Many digital communication devices (particularly wireless digital telephones) suffer some amount of signal degradation during the transmission from the originating device to the receiving device. This degradation often results in the loss of some information, some distortion in the signal, or some noticeable noise in the received signal (e.g., as in the case of a wireless telephone). Generally, the more frequent the errors, the more significant the loss of information at the receiving device, which consequently leads to more objectionable performance of the communications system.

To correct this problem, the electronics industry has adopted various error correction techniques which counteract the effects of signal degradation and improve or ensure the integrity of the information at the receiving device. Hence, many digital communications systems available on the market use error correction methods that are each able to accomplish reasonable communication quality under normal operating conditions.

Typically, error correction techniques function by including additional amounts of “redundant” information in the signal transmission from the originating device. This redundant information is often referred to as error correction code. The redundant information is used to check the validity of the information as received at the receiving device. For example, parity checking, check summing, cyclic redundancy checking, forward error correction coding, are several of the more widely used, well known error correction methods. These error correction methods help ensure the integrity of the received information, thereby ensuring the proper and error free operation of any applications being run on top of the received information, such as, for example, a wireless modem link supporting a remote network node.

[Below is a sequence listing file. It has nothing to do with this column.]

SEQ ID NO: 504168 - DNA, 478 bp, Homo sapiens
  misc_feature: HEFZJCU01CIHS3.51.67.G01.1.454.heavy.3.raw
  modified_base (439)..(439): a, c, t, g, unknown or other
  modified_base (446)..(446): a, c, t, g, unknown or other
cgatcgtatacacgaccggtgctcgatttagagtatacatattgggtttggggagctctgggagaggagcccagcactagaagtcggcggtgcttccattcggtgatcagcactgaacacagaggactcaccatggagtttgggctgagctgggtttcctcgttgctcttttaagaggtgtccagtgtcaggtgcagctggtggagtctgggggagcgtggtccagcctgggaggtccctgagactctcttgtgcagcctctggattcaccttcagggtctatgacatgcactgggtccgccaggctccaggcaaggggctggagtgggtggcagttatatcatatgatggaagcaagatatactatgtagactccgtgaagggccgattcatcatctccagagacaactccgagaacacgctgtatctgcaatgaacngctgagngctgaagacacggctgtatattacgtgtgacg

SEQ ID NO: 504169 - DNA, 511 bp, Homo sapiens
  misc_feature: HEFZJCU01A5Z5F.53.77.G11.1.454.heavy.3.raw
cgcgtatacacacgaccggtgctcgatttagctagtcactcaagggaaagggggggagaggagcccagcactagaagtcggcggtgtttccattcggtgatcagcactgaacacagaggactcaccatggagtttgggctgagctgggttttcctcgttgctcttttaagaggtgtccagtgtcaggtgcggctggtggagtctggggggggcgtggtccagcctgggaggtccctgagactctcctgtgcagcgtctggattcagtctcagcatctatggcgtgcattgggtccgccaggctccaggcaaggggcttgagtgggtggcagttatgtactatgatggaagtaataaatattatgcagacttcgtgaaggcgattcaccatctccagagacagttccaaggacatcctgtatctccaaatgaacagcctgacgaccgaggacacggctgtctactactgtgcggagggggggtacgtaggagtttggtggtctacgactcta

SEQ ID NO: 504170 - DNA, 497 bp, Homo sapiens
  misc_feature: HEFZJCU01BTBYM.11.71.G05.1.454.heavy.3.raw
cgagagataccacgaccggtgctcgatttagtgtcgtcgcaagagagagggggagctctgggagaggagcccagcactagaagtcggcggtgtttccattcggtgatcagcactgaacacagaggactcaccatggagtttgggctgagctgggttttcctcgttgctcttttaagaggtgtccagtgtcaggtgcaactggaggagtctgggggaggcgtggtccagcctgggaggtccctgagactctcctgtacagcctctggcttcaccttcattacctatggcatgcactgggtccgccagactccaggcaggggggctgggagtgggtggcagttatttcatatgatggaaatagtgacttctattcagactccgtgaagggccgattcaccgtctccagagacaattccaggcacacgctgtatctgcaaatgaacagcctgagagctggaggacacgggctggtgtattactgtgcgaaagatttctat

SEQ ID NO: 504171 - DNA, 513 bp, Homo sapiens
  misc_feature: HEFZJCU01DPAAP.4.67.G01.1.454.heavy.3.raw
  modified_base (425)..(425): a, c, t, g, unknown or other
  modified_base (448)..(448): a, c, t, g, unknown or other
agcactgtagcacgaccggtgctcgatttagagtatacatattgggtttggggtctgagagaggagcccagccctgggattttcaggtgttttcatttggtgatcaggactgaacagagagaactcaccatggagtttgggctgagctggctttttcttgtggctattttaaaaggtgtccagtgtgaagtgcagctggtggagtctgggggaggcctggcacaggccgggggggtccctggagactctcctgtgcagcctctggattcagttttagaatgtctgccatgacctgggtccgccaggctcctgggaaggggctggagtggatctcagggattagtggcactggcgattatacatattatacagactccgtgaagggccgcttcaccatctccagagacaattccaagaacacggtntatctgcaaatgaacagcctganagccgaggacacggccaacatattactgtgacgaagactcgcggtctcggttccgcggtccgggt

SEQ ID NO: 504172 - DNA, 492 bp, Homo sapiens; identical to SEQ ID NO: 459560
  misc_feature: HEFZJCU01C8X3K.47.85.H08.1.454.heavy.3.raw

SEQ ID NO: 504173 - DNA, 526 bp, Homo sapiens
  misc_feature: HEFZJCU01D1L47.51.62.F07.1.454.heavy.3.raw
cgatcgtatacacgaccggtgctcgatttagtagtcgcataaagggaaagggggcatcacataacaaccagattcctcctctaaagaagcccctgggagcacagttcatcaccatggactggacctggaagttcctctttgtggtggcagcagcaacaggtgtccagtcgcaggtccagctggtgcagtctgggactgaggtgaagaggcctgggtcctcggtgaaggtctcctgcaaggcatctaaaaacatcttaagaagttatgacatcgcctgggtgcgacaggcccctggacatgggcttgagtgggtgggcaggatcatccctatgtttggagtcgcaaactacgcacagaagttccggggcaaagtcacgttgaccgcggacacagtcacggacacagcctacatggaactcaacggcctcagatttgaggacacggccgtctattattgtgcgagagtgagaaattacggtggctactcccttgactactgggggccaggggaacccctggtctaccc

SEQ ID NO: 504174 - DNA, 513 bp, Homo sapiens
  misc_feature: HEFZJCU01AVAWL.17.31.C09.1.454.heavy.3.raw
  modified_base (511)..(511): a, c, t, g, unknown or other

The problem with the above error correction methods is that they reduce the available bandwidth of the signal transmission. With most digital communication systems, there is a very finite amount of spectrum allocated to the transmission channel. The transmission of redundant error correction code decreases the amount of bandwidth in the channel available for the transmission of the “real” information. When transmission conditions are bad, such as for example, during a thunderstorm or during periods of solar interference, the error correction methods are required for nominal operation. However, under good transmission conditions, error correction is not needed and available bandwidth is wasted transmitting error correction codes.

The unnecessary transmission of redundant information harms system efficiency. The wasted transmission of error correction codes is very undesirable where the bandwidth of the communications channel is very limited, as in digital wireless communication systems in high population density areas (e.g., cities). In addition to wasting bandwidth, unnecessary error correction wastes processor capacity in the receiving and transmitting devices. Signal processing effort is wasted encoding and decoding the error correction information, which in turn, needlessly slows the performance of the system and increases power consumption.

However, using current technology, error correction is still required in order to ensure the communications system will still function when signal transmission conditions are not good. Accordingly, the power and the amount of error correction used is typically chosen such that the communications system or the application being served by the communications system will run satisfactorily under average operating conditions. If a greater degree of reliability is required, the error correction used is chosen in view of worst case operating conditions.

These error correction methods are static in that they are typically chosen during the design process of the communications system. A static error correction method is chosen and designed into a communications system in accordance with the typical expected operating conditions of the system. Static error correction is, in this manner, a design compromise based upon the expected use of the system.